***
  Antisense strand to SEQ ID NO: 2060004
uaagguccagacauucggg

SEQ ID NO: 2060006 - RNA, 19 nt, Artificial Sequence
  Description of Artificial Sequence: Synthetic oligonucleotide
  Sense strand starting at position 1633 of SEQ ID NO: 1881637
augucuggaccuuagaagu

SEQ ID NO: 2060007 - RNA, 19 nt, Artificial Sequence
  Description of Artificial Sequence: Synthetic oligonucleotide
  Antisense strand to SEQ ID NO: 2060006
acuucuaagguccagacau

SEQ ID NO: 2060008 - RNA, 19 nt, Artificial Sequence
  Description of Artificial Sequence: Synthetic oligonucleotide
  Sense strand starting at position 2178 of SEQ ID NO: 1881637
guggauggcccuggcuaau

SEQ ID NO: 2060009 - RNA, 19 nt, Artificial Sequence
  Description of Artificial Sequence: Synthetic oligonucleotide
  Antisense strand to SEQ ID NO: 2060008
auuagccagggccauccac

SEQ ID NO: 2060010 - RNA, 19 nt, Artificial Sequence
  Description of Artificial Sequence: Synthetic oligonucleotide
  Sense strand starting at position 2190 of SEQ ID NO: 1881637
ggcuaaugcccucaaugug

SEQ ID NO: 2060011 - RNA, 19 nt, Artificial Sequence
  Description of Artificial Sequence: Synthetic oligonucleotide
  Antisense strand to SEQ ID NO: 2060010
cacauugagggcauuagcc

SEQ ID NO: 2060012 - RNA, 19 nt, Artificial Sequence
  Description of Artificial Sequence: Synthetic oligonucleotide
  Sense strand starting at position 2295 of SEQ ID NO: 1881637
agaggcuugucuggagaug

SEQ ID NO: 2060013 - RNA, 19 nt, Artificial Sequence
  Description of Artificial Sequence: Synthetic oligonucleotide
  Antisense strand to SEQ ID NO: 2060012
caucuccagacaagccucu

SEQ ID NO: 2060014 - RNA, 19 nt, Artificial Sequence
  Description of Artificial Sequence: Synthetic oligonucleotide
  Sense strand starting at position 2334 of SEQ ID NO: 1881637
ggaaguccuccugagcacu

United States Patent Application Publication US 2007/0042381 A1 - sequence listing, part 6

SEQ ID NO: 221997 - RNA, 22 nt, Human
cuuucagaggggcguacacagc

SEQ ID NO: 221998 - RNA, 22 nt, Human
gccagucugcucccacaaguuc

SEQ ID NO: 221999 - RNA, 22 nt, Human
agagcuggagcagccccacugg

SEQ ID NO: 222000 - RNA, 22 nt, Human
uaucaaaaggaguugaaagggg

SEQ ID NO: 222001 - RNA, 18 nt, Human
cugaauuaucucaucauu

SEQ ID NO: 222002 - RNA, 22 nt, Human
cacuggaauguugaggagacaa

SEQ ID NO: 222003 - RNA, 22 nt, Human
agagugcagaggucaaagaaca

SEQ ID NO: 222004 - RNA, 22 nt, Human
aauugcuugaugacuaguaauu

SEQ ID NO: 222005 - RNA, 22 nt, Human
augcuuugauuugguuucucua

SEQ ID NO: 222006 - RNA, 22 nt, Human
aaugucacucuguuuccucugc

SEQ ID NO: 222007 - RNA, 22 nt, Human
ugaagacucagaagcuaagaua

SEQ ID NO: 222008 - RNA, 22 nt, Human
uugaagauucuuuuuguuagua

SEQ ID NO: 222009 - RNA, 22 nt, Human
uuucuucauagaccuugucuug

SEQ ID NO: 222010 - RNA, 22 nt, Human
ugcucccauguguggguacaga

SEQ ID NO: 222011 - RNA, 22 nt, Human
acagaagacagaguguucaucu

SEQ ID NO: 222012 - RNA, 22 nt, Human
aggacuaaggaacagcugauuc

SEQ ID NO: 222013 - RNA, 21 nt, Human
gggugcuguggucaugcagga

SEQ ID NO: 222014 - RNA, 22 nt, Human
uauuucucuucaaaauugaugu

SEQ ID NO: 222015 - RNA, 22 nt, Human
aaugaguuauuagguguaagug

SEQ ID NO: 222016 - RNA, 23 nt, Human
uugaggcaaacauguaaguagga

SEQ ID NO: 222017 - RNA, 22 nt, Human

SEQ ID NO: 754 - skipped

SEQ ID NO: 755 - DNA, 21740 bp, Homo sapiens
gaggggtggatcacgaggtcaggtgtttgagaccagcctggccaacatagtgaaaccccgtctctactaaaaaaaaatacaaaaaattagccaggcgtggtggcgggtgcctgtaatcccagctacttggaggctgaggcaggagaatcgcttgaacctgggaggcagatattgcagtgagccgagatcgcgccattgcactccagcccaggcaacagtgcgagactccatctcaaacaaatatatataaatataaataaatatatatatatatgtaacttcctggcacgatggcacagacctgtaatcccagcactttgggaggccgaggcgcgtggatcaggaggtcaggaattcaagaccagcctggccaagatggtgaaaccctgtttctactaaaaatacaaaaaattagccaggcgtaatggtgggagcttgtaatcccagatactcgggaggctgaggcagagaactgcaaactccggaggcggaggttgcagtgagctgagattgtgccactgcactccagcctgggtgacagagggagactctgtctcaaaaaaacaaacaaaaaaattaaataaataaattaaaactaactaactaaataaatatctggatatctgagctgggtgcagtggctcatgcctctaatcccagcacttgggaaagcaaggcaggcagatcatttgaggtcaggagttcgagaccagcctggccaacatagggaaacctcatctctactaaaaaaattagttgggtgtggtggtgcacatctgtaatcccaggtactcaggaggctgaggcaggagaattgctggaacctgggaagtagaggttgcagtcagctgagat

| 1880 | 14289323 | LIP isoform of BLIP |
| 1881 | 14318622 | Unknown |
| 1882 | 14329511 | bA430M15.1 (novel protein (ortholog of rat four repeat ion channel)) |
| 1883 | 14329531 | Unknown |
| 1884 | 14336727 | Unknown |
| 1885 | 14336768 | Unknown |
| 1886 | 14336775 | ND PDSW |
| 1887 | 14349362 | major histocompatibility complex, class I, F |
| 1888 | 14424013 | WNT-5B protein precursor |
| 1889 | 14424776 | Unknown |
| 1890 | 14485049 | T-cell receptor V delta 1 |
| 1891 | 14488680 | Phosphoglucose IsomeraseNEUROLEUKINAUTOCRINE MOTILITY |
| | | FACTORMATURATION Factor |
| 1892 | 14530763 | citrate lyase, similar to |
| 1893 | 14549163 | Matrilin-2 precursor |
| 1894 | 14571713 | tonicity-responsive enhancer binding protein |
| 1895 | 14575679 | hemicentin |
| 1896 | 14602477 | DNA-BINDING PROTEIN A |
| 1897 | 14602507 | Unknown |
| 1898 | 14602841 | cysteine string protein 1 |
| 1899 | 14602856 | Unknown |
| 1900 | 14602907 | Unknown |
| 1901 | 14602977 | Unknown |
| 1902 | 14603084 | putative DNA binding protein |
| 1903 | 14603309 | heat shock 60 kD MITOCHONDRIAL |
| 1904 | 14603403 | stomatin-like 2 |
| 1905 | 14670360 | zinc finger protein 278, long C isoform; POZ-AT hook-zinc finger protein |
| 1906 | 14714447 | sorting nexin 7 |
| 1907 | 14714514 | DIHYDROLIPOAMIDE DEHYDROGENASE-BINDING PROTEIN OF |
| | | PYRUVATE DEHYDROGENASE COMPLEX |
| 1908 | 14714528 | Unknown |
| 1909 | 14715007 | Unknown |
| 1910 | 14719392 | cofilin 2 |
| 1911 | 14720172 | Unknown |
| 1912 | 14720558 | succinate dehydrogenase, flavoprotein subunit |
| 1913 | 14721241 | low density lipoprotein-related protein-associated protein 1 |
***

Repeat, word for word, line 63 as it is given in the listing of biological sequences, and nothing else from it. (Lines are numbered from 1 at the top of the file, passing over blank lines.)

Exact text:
uugaagauucuuuuuguuagua